Look Back Laws

What does Look Back Laws mean?

Drivers who operate a motorized vehicle with a blood alcohol concentration (BAC) at or over the legal limit of 0.08% can be arrested and charged with DUI. Drivers can also be arrested and charged for DUI if the prosecution can prove they were not able to safely able to operate their vehicle, regardless of the percentage of alcohol in their blood.

But what happens when a driver is arrested a second or third time for a DUI within a specified time period? Does the state consider it their first, second, or third DUI?

The length of time that a previous DUI offense remains on a driver’s driving record and can be used by the state to add penalties or increase the severity of the fines, penalties, or jail time, is referred to as the “look- back period” or “wash-out period.”

For example, in some states, if your second or third DUI is too soon after your first or second DUI conviction, your conviction can be upgraded from to an aggravated drunk driving misdemeanor or even a felony DUI. The laws can vary substantially by state so it’s important to talk to a DUI lawyer immediately if you have been arrested for a second or third DUI within your state’s wash-out period.

When does the look-back or wash-out period begin?

When does the wash-out period start? As mentioned above, state laws vary. For example, some states have a look back period that is five years (Rhode Island, Oregon, Missouri, Mississippi, Montana, Louisiana, Kentucky, Illinois, Indiana, Idaho, Hawaii, Delaware, Colorado, Alabama, and Florida (second offense)). Other states have a seven year look-back period including Washington, North Dakota, Arizona, and Colorado (third offense). And others have a ten year look back period (Texas, Wyoming, Wisconsin, West Virginia, Virginia, Utah Tennessee, South Dakota, South Carolina, Pennsylvania, Oklahoma, North Carolina, New York, New Jersey, New Hampshire, Nevada, Minnesota, Maryland, Maine, Connecticut, California, Alaska, Arkansas, Georgia and Florida (third offense)).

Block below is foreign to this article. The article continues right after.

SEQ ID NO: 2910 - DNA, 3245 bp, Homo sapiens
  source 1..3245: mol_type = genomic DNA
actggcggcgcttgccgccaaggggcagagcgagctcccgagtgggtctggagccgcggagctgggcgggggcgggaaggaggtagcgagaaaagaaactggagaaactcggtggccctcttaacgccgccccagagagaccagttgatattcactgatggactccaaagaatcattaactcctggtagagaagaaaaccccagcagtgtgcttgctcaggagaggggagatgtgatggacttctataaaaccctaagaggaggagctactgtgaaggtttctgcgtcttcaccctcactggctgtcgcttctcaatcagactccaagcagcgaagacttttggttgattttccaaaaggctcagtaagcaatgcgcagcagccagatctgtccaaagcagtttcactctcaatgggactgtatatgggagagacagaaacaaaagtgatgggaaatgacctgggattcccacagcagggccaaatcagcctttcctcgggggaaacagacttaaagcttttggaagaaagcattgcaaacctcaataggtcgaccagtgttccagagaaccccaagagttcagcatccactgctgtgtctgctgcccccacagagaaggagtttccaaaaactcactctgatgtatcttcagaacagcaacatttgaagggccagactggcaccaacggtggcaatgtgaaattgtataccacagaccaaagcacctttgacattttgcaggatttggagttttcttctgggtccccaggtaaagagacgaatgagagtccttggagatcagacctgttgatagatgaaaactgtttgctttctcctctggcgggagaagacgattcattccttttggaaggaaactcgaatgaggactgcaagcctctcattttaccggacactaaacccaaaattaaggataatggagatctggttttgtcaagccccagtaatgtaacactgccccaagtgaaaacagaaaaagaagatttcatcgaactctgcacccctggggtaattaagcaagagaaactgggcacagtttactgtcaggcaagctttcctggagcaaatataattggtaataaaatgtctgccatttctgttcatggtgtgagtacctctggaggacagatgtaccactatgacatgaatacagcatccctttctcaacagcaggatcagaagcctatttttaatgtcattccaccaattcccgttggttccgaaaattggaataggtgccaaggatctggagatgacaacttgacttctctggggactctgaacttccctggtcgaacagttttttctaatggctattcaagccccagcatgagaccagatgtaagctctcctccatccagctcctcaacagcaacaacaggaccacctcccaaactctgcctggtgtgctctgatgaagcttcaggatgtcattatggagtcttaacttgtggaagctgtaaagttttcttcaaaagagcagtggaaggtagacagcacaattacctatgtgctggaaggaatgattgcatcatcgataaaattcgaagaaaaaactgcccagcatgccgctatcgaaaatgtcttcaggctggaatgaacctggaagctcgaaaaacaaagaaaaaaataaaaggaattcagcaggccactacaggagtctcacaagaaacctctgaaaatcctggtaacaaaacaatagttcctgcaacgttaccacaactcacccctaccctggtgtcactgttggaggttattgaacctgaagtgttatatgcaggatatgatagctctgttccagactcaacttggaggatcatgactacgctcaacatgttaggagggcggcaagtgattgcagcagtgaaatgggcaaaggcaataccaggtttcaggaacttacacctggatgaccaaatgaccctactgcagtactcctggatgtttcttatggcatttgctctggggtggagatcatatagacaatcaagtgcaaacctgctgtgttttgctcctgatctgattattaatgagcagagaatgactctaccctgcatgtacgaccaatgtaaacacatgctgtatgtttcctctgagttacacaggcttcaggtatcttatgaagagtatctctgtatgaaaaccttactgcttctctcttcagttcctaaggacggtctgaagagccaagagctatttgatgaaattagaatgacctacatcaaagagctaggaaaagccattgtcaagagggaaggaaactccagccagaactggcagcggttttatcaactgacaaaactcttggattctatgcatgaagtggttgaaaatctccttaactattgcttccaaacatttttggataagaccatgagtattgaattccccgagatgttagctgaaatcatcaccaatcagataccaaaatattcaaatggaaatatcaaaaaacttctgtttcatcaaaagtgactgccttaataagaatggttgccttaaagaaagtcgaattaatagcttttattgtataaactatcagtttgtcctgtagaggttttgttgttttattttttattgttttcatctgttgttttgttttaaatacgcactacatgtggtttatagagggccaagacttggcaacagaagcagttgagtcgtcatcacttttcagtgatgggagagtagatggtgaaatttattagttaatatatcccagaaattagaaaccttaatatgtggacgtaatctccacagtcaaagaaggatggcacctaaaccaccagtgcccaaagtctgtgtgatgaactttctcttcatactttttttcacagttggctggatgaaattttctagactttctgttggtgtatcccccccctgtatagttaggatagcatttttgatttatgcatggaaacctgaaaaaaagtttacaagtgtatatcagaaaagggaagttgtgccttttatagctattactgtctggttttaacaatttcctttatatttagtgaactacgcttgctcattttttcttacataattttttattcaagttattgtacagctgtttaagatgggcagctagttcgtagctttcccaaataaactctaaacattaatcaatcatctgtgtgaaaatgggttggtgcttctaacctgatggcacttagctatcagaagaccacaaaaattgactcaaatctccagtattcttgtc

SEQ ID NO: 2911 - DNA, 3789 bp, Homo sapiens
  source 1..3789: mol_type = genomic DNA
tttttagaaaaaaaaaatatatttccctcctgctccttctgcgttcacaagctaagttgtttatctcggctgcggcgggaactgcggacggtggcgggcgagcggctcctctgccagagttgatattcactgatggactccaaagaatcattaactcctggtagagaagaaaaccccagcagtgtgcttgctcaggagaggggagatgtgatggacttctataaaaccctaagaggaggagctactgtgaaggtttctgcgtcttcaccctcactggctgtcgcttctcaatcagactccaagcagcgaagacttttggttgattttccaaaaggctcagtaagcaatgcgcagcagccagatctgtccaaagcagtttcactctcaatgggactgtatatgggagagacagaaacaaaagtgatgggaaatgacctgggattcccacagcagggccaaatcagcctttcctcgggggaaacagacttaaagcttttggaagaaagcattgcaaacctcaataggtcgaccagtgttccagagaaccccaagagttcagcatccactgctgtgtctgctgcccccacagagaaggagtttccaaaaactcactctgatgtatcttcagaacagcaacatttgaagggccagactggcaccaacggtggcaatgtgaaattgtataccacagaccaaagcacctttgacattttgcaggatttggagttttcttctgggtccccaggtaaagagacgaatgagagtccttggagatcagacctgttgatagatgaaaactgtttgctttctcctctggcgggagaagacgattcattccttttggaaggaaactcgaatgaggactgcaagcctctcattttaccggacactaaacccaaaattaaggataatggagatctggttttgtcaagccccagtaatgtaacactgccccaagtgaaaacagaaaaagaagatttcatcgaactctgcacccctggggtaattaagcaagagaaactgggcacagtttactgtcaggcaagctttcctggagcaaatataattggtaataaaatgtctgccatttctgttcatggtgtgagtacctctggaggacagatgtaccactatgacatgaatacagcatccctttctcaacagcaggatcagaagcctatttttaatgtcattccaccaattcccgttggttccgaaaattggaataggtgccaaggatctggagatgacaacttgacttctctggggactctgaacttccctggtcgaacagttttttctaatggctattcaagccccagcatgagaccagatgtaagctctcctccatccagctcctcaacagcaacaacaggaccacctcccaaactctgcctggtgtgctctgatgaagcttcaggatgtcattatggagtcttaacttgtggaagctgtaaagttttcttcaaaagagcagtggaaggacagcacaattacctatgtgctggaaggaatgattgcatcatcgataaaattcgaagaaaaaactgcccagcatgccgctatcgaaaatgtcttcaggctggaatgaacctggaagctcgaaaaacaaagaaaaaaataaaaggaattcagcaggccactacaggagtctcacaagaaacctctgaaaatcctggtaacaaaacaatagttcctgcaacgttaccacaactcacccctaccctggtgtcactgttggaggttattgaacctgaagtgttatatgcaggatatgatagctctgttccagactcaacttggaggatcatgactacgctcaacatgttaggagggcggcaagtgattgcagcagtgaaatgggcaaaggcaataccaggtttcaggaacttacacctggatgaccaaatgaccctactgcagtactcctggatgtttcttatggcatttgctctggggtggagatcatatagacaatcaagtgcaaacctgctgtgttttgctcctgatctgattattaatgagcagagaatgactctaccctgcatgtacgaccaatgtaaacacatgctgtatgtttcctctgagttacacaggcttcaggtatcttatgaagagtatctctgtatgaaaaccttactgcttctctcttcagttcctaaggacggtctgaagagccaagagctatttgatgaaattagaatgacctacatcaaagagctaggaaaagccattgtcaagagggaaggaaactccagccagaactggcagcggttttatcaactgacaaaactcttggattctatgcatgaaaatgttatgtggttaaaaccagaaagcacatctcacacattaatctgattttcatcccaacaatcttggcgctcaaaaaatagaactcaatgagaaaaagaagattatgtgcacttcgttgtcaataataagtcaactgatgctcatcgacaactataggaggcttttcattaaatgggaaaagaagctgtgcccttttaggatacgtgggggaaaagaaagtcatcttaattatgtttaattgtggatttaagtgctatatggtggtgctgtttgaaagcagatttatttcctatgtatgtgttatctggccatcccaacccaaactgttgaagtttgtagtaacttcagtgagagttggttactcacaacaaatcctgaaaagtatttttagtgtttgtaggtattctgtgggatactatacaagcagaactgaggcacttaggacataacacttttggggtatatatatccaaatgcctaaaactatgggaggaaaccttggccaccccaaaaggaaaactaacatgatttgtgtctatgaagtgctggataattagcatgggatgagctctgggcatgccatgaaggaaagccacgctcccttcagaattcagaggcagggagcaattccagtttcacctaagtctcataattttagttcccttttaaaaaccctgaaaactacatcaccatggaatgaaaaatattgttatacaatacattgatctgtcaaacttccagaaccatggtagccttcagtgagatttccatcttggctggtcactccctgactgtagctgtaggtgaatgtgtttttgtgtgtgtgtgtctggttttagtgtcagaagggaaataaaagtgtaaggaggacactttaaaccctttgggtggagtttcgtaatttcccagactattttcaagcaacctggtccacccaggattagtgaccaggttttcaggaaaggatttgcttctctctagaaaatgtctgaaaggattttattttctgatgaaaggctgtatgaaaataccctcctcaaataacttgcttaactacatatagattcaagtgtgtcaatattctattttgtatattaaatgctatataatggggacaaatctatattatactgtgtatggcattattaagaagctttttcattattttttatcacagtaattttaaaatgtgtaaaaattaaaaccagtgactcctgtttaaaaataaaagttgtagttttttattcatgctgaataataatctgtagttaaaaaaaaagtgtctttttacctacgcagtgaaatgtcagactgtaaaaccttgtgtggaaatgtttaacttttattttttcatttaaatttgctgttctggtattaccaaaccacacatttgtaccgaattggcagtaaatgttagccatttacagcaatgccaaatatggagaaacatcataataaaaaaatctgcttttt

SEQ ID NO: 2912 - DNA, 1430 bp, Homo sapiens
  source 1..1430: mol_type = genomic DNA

Additionally, most DUI look back periods begin and conclude on the date the person was arrested for the DUI, not the date that they were convicted. For example, if someone was arrested on Jan. 10, 2002, in a state that had a ten year look-back period, and then arrested again in March of 2012, the second drunk driving offense would be treated as the first because the ten year look-back period would have ended.

Why do they have look-back laws?

The goal of DUI laws is to reduce the incidence of driving under the influence and to protect drivers. States also realize there needs to be a balance between appropriate punishment and securing the rights of the convicted driver. With this in mind, each state has established what they believe are suitable periods of time to identify “repeat” drunk drivers while avoiding needlessly harsh DUI consequences.

Talk to a lawyer if you have questions about your DUI arrest, your state’s look-back laws, and whether you will be charged with a first, second, or third DUI after your DUI arrest.

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Drunk Driving Law Attorneys near Ashburn VA

Ervin Kibria PLLC

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500 N. Washington Street, Ste. 203
Alexandria, VA 22314

Steve Duckett Attorney at Law

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10605 Judicial Drive Suite 250
Fairfax, VA 22030

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